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Erasing hell : what God said about eternity…

Erasing hell : what God said about eternity and the things we made up (edition 2011)

by Francis Chan, Preston M. Sprinkle

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423825,018 (4.04)1
Title:Erasing hell : what God said about eternity and the things we made up
Authors:Francis Chan
Other authors:Preston M. Sprinkle
Info:Colorado Springs, CO : David C Cook, 2011.
Collections:Your library
Tags:hell, theology

Work details

Erasing Hell: What God said about eternity, and the things we made up by Francis Chan

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I found Chan to be open, yet clear in his convictions. I appreciated his willingness to admit that most of us would like some aspects of our faith to be more palatable, but our faith is not of our own making and we cannot dismiss or rewrite what we find uncomfortable.

I thought his use of Scripture as well as his explanation of the history surrounding its interpretation were accurate and the questions he poses to modern authors, including Rob Bell were fair and challenging.

The book was recommended to me and I am glad I read it. ( )
  ChuckS65 | Oct 7, 2013 |
I've always been a fan of Francis Chan since I heard him speak at Worship Central conference in London an 2009.

I ordered this book to compare it to the Universalist proposal by Rob Bell in Love Wins, which I also really like. While Chan rebuts many of the arguments in of Bell, I think it's beautiful to hold these two books and positions in tension.

Chan keeps central the idea of God as sovereign and high above us, so high that we don't have the right to judge what He has declared to be just. He also examines mainstream America's attitudes toward hell and judgment--declaring not that we should judge others, and not that escaping hell should be the main way to evangelize, but that the reality of hell should inspire us to love harder, go farther, and reach as many people as possible--because that is God's heart--to reach everyone.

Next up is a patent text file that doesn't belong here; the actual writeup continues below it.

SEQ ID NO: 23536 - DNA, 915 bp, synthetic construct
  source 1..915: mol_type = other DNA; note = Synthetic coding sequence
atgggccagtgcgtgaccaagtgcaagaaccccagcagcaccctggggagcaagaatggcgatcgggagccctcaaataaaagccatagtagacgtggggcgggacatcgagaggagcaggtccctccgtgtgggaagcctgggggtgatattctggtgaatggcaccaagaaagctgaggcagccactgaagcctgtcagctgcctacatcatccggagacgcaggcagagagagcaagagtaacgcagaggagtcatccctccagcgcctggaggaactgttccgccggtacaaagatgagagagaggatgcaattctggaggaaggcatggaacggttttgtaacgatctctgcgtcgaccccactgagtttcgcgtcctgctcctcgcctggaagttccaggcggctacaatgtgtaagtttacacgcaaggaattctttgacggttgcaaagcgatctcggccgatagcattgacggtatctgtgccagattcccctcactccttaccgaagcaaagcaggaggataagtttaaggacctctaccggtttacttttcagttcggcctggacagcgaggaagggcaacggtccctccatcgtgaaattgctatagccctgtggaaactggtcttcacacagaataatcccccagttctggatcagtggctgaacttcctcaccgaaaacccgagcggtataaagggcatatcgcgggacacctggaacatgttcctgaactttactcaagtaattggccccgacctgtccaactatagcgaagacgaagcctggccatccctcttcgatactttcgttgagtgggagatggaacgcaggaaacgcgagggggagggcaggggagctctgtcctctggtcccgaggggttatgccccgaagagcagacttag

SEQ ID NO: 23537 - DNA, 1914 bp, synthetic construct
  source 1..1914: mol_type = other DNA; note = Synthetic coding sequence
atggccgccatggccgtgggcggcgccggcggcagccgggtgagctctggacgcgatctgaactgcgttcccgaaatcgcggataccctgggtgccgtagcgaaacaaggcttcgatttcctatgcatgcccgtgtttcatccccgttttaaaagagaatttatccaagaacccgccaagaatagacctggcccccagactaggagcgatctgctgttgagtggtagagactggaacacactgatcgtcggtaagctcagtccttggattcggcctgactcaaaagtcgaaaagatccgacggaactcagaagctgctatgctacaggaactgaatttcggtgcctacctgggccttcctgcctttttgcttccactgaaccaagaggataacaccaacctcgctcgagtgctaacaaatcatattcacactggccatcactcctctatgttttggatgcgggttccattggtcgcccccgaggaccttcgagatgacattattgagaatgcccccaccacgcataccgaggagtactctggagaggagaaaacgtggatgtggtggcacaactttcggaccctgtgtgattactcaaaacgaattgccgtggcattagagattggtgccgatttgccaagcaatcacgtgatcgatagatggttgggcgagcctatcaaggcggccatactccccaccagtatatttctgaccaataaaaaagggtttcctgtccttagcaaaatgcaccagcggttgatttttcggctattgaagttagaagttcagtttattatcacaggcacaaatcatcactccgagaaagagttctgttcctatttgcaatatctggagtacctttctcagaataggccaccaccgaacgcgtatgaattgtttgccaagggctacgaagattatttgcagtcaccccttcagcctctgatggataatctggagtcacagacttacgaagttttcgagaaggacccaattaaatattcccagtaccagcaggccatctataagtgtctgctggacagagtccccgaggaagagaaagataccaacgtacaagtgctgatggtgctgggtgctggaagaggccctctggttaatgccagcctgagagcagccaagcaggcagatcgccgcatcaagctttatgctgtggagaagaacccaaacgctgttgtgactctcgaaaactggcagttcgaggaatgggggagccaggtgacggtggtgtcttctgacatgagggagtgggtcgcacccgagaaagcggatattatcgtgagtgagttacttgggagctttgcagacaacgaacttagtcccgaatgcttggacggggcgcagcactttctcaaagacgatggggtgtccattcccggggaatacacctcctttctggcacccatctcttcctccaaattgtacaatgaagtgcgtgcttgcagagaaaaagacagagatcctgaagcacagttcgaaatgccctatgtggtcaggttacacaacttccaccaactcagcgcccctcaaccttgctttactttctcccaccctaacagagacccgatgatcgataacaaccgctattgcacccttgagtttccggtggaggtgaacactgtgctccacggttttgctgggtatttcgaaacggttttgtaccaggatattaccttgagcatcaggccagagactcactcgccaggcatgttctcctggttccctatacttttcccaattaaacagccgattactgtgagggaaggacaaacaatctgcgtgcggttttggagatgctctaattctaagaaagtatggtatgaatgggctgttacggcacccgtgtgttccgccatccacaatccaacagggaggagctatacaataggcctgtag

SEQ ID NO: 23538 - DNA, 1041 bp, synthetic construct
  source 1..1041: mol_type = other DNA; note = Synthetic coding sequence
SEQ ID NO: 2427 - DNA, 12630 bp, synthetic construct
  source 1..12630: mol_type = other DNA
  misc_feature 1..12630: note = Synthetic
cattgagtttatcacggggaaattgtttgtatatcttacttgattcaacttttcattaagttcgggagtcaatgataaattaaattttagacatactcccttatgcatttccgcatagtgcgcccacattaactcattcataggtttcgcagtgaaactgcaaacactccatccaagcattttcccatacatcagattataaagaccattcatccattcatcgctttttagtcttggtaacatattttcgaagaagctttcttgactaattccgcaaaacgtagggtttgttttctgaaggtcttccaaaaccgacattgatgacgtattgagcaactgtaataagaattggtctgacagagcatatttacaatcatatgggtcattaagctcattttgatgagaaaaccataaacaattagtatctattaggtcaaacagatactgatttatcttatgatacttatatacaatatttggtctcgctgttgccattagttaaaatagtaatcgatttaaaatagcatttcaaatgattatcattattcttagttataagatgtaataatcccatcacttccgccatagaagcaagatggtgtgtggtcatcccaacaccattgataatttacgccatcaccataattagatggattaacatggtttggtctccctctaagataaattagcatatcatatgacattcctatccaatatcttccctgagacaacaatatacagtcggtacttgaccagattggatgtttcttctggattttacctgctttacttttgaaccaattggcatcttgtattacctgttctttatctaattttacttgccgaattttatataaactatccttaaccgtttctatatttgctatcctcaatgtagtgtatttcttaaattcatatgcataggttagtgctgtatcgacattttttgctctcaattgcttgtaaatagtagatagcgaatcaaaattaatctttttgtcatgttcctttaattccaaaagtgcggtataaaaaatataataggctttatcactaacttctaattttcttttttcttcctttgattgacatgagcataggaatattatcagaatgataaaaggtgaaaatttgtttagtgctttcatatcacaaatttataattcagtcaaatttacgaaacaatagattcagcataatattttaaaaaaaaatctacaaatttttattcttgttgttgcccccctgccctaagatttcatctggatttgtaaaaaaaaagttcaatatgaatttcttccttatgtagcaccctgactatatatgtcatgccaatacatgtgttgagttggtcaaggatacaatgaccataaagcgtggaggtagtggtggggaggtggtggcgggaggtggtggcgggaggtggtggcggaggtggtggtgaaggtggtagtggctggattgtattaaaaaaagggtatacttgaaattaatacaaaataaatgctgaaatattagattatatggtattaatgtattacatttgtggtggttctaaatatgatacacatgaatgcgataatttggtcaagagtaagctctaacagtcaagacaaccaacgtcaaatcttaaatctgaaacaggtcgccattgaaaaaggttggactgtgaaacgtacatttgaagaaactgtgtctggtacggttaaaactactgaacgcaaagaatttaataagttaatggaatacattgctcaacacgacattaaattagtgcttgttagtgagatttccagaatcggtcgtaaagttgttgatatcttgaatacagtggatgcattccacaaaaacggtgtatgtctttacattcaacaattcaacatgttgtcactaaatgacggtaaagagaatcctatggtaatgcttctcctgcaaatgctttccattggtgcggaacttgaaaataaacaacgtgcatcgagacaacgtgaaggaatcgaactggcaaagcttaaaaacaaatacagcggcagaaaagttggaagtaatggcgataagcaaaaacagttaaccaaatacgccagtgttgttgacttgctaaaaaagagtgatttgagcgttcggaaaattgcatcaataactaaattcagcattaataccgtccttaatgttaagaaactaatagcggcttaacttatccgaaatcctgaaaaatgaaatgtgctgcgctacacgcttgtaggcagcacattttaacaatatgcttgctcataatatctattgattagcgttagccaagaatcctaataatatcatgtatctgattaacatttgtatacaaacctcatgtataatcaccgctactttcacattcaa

He also discusses our "embarrassment" of hell, and alternatives to the attitude of "apology" for hell.

I think both books have a lot to offer in terms of rethinking American Christian Culture and our attitudes toward hell and judgment. I recommend reading them together, and spending much time in prayer and group talks over the topics within. ( )
  JennyElizabeth | Mar 31, 2013 |
An analysis of what Scripture teaches regarding hell.

The research behind the book comes from Sprinkle; Chan writes the substance. It is well-researched and well-presented. Chan does well at seeking to strike a balance between not being happy about what is revealed while accepting and emphasizing what is revealed; understanding his personal bias while recognizing how seriously the Bible takes the issue of hell.

The book is, in a sense, a response to Rob Bell's "Love Wins," but unlike some other such responses, Chan tries to seriously deal with the issues Bell brings up, but in terms of Chan's (and Sprinkle's) work in understanding the Bible text.